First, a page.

Disowned selves and destructive relationships
The parts we identify with usually determine who we want to start a relationship with. For example, if we have identified with a rational I, that I want us to form relationships with rational people. Although our disowned selves repel us, they also fascinate us to a greater or lesser extent. The highly outraged, down-to-earth citizen who thinks pornography is not allowed but spends months evaluating pornographic material, is a good example of this type of behavior.
Although the attraction of a disowned self that we recognize in another can often lead to an integration of this energy, unfortunately, we more often see people having destructive relationships with those who represent their disowned selves.
A woman who denies her sexuality and her body can become fascinated by a macho and marry him. However, she then goes out of her way to tame his sexuality and keep him at home. He was attracted by her shy, unphysical way of life and found it fascinating that she was sexually distant.
Now that they are married, he is going to object to her behavior. Instead of learning from each other and integrating their disowned selves, they live together with their disowned selves, which they see reflected in the other, with the result that they constantly judge and anger each other.
Taking on the challenge of your repudiated me in the relationship
We can be the helpless victims of a partner who reflects our disowned selves, but we can also face the challenge that such a relationship poses and ask the question, “What can this person or situation teach me?” When we ask this question, that in itself is a marked shift in consciousness.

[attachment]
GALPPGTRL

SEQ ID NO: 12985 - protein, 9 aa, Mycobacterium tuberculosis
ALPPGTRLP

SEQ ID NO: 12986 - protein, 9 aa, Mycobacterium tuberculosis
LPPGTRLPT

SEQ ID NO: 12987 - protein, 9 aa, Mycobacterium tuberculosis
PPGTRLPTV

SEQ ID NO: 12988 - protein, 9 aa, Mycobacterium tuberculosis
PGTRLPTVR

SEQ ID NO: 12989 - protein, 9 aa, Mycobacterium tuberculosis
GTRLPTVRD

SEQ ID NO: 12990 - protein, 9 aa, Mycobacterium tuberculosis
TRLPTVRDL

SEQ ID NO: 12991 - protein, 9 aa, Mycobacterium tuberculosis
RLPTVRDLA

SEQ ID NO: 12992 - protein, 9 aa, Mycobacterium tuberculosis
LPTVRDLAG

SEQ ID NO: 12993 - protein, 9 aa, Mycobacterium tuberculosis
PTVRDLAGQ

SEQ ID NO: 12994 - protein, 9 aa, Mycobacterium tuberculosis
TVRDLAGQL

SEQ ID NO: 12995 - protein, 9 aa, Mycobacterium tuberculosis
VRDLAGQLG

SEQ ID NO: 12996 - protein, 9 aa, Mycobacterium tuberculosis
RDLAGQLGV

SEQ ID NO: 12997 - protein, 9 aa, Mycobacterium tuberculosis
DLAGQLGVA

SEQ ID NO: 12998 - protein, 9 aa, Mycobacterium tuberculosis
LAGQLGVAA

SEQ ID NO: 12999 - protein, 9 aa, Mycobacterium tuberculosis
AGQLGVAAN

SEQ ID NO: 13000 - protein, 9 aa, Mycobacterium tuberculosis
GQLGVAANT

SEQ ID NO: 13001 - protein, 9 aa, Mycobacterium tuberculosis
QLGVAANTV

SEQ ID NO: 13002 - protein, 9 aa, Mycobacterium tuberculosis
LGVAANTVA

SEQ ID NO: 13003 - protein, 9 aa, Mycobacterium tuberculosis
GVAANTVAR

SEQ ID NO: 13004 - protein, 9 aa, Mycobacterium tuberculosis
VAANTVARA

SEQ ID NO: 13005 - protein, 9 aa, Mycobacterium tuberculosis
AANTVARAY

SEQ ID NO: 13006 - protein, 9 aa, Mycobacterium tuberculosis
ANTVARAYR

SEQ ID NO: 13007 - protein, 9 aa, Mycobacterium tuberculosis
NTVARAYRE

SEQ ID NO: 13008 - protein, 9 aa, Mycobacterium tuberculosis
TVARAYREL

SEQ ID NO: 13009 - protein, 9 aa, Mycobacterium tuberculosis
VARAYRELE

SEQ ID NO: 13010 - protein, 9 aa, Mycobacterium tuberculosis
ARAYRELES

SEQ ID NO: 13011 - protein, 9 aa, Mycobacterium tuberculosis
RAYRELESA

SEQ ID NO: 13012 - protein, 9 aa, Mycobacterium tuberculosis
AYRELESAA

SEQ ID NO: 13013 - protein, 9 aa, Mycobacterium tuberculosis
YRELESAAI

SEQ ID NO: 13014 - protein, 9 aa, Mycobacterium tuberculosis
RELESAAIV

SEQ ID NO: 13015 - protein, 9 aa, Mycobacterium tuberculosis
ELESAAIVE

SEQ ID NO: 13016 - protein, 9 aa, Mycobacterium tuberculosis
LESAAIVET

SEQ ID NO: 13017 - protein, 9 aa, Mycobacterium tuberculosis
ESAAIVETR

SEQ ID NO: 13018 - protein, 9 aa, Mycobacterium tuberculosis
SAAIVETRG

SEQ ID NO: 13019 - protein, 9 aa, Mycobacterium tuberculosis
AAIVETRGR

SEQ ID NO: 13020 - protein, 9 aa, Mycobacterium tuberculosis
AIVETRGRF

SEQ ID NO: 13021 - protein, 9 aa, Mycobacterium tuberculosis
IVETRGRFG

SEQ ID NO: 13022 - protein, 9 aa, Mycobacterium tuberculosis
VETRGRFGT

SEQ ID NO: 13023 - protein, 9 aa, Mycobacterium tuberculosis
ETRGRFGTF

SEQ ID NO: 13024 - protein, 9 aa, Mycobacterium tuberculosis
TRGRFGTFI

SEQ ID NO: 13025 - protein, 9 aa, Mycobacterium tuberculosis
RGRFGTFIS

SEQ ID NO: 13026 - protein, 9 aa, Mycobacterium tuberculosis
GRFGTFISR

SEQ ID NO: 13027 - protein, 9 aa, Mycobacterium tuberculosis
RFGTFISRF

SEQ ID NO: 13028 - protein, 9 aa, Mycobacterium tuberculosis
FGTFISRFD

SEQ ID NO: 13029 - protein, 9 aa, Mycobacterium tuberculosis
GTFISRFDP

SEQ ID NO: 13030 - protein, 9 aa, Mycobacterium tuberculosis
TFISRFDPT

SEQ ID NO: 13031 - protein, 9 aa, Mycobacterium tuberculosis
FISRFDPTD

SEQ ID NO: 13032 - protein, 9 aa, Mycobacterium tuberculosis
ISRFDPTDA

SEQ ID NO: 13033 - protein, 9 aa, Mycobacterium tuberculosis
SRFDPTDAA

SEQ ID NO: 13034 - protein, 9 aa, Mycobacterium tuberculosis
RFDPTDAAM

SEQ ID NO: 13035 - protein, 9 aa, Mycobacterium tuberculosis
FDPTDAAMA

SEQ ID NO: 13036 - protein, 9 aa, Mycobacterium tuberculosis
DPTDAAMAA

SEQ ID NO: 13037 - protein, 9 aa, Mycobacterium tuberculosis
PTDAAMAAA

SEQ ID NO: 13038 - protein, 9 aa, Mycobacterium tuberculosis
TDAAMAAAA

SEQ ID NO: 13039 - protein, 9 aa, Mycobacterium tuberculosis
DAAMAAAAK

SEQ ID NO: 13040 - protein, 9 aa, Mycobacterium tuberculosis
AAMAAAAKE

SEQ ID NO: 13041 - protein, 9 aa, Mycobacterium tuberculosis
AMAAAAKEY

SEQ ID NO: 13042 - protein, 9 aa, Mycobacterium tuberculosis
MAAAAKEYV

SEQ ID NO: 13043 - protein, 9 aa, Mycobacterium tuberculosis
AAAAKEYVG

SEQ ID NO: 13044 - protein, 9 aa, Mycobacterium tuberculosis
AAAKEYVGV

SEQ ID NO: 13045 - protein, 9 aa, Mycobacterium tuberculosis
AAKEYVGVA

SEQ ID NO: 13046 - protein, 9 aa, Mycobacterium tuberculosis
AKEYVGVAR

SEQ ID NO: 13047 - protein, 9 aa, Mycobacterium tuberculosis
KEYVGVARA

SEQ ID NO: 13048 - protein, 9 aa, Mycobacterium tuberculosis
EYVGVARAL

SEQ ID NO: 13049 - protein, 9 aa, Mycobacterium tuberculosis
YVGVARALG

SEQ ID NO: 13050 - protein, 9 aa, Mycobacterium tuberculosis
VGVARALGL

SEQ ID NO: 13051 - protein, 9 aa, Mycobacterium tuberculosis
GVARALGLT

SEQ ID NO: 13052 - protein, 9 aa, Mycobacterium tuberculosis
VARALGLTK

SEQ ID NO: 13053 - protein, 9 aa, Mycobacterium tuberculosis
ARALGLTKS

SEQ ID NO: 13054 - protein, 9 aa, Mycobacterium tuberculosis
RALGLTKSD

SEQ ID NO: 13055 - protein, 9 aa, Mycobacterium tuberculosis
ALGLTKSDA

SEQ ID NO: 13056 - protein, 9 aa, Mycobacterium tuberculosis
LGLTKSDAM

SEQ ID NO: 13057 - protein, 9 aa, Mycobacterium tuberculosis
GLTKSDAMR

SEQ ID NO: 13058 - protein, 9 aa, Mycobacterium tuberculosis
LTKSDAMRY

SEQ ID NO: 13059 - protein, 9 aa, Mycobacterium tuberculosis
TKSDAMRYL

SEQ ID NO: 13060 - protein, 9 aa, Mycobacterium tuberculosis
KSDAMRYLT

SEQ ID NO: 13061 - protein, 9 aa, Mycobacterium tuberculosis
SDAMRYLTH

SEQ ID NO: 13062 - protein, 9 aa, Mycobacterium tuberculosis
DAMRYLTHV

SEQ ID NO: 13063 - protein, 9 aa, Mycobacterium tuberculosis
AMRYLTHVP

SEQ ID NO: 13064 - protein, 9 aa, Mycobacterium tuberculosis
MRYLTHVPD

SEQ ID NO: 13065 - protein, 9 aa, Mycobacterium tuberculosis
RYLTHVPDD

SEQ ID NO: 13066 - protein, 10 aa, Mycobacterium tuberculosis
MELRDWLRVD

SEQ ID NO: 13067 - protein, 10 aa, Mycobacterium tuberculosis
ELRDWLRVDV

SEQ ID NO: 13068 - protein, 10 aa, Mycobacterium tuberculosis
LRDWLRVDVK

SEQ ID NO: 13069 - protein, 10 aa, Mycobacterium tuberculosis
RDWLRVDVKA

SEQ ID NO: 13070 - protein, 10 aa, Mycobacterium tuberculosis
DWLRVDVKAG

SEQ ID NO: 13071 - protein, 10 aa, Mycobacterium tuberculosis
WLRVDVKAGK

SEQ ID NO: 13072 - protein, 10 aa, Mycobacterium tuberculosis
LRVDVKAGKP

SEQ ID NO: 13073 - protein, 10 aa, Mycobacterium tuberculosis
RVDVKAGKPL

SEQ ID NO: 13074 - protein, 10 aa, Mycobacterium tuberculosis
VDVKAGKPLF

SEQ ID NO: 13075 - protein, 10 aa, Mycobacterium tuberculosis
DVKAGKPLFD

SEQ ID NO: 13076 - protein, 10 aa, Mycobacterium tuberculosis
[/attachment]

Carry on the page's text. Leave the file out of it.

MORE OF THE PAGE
Much stress is the result of our tendency to re-establish relationships with people who reflect our disowned selves. Unfortunately, few people are supported enough to learn the lesson that comes with such processes. Without this support, the energy of the disowned selves only grows stronger and stronger.
When natural, instinctive energies such as survival instincts, sexuality, and aggression are rejected for a long time, they reverse into the subconscious mind, where they undergo a significant change. Energy cannot be destroyed and therefore these instincts now begin to work on a subconscious level and accumulate more energy. They soon lose their natural qualities and become evil. When the time comes, we’ll give them a new name: demonic energies. These demonic energies can make their way into our daily lives and cause destructive, fierce behavior, harming ourselves or our environment.
Exercise to get to know disowned selves
- After reading these short examples you may already recognize your ‘allergies’ to certain character traits.
- Take a moment to list for yourself what is troubling you.
- Which of the character traits you’ve written down makes you feel ‘I’m so glad I’m not like that?
- There you will find your disowned selves.
- You can also think back to times when you did not react ‘as yourself’ to a situation or someone else.